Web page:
Brexit extension ‘looks good’ — but then EU wants a UK candidate
If Britain is still a member of the EU on November 1, the EU Commission expects it to submit a commission candidate
Helsinki — The likelihood of the EU extending the UK’s Brexit deadline “looks good”, after which Britain should put forward a candidate for the European commission, its incoming president said on Thursday.
“The question of granting an extension, that looks very good,” EU president-elect Ursula von der Leyen told reporters during a visit to Helsinki.
On Wednesday, EU member states backed a plan to postpone Brexit beyond October 31, after British Prime Minister Boris Johnson was compelled to send an extension request under a law passed by rebel MPs.
On Thursday, Von der Leyen said that a further Brexit delay would mean the UK should put forward a nominee to join the incoming cabinet of EU commissioners. “If, after the first of November — and this is not a given — there might be an extension and the UK is still in the EU, then of course I would ask the UK to send a commissioner.”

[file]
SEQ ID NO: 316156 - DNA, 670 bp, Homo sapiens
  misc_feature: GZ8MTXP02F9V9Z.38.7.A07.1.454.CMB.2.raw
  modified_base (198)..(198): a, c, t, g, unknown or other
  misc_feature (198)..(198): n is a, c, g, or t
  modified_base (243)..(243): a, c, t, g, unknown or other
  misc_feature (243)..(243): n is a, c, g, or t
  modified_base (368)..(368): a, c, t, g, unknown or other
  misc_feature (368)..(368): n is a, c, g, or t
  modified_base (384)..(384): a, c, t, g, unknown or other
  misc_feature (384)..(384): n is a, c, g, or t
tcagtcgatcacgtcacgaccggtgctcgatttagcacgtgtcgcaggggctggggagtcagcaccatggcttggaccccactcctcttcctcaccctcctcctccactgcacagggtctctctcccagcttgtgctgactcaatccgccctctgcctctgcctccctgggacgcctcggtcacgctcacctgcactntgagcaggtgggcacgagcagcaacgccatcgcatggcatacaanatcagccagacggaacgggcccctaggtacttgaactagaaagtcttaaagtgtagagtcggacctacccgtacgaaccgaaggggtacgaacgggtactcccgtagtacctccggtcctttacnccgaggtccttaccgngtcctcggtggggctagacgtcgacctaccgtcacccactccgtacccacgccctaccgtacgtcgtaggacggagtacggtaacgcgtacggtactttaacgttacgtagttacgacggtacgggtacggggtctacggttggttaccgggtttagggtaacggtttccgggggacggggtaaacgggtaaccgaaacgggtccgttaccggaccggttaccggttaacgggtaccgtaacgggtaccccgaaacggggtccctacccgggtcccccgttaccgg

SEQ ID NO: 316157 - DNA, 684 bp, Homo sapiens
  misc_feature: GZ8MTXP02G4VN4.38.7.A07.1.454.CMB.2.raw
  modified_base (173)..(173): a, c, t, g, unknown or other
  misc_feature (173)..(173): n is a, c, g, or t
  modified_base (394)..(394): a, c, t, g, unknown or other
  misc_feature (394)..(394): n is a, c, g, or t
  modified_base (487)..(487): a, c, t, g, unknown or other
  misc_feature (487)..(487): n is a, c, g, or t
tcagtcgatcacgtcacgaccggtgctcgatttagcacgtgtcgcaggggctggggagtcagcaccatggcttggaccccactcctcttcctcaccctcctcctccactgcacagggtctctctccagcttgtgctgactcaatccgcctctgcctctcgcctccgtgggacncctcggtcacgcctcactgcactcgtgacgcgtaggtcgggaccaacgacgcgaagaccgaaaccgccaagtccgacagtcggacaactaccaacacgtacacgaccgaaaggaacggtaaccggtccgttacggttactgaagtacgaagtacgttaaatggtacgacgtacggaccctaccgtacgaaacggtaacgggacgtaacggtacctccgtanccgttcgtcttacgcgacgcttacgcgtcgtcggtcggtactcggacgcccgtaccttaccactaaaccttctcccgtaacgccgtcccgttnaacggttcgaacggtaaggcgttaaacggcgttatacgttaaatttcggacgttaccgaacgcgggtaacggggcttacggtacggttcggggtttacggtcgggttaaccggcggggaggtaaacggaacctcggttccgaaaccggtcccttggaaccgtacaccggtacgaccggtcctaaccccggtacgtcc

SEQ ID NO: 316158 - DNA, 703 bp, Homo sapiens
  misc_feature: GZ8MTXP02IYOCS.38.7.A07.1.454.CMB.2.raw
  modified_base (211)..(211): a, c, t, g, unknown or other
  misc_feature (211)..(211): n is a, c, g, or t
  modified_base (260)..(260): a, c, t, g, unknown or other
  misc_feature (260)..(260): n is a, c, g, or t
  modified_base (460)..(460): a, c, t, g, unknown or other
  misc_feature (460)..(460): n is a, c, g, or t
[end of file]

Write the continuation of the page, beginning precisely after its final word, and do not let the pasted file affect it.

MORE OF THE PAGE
The new commission was scheduled to start its work on November 1, but that has been delayed until at least December after the European parliament rejected candidate commissioners from France, Hungary and Romania.
The UK has previously declined to propose a candidate for the next administration, owing to the country’s expected departure before the new commission begins sitting. EU law states that each member state should have a representative in the commission.
The EU is also yet to agree on the length of an extension. European Council president Donald Tusk recommended an extension until January 31, with some reports suggesting France favoured a shorter delay to help Johnson pressure the UK parliament into quickly approving the withdrawal agreement.
Speaking alongside Von der Leyen on Thursday, Finnish Prime Minister Antti Rinne, who holds the EU rotating presidency, said he expects that EU leaders will reach an agreement on the length of an extension without having to convene a special summit in Brussels.
“If there is a need to discuss [the length of an extension] in Brussels, I am ready to go there also,” Rinne said. “But now it seems to me that it is possible to have a written process.”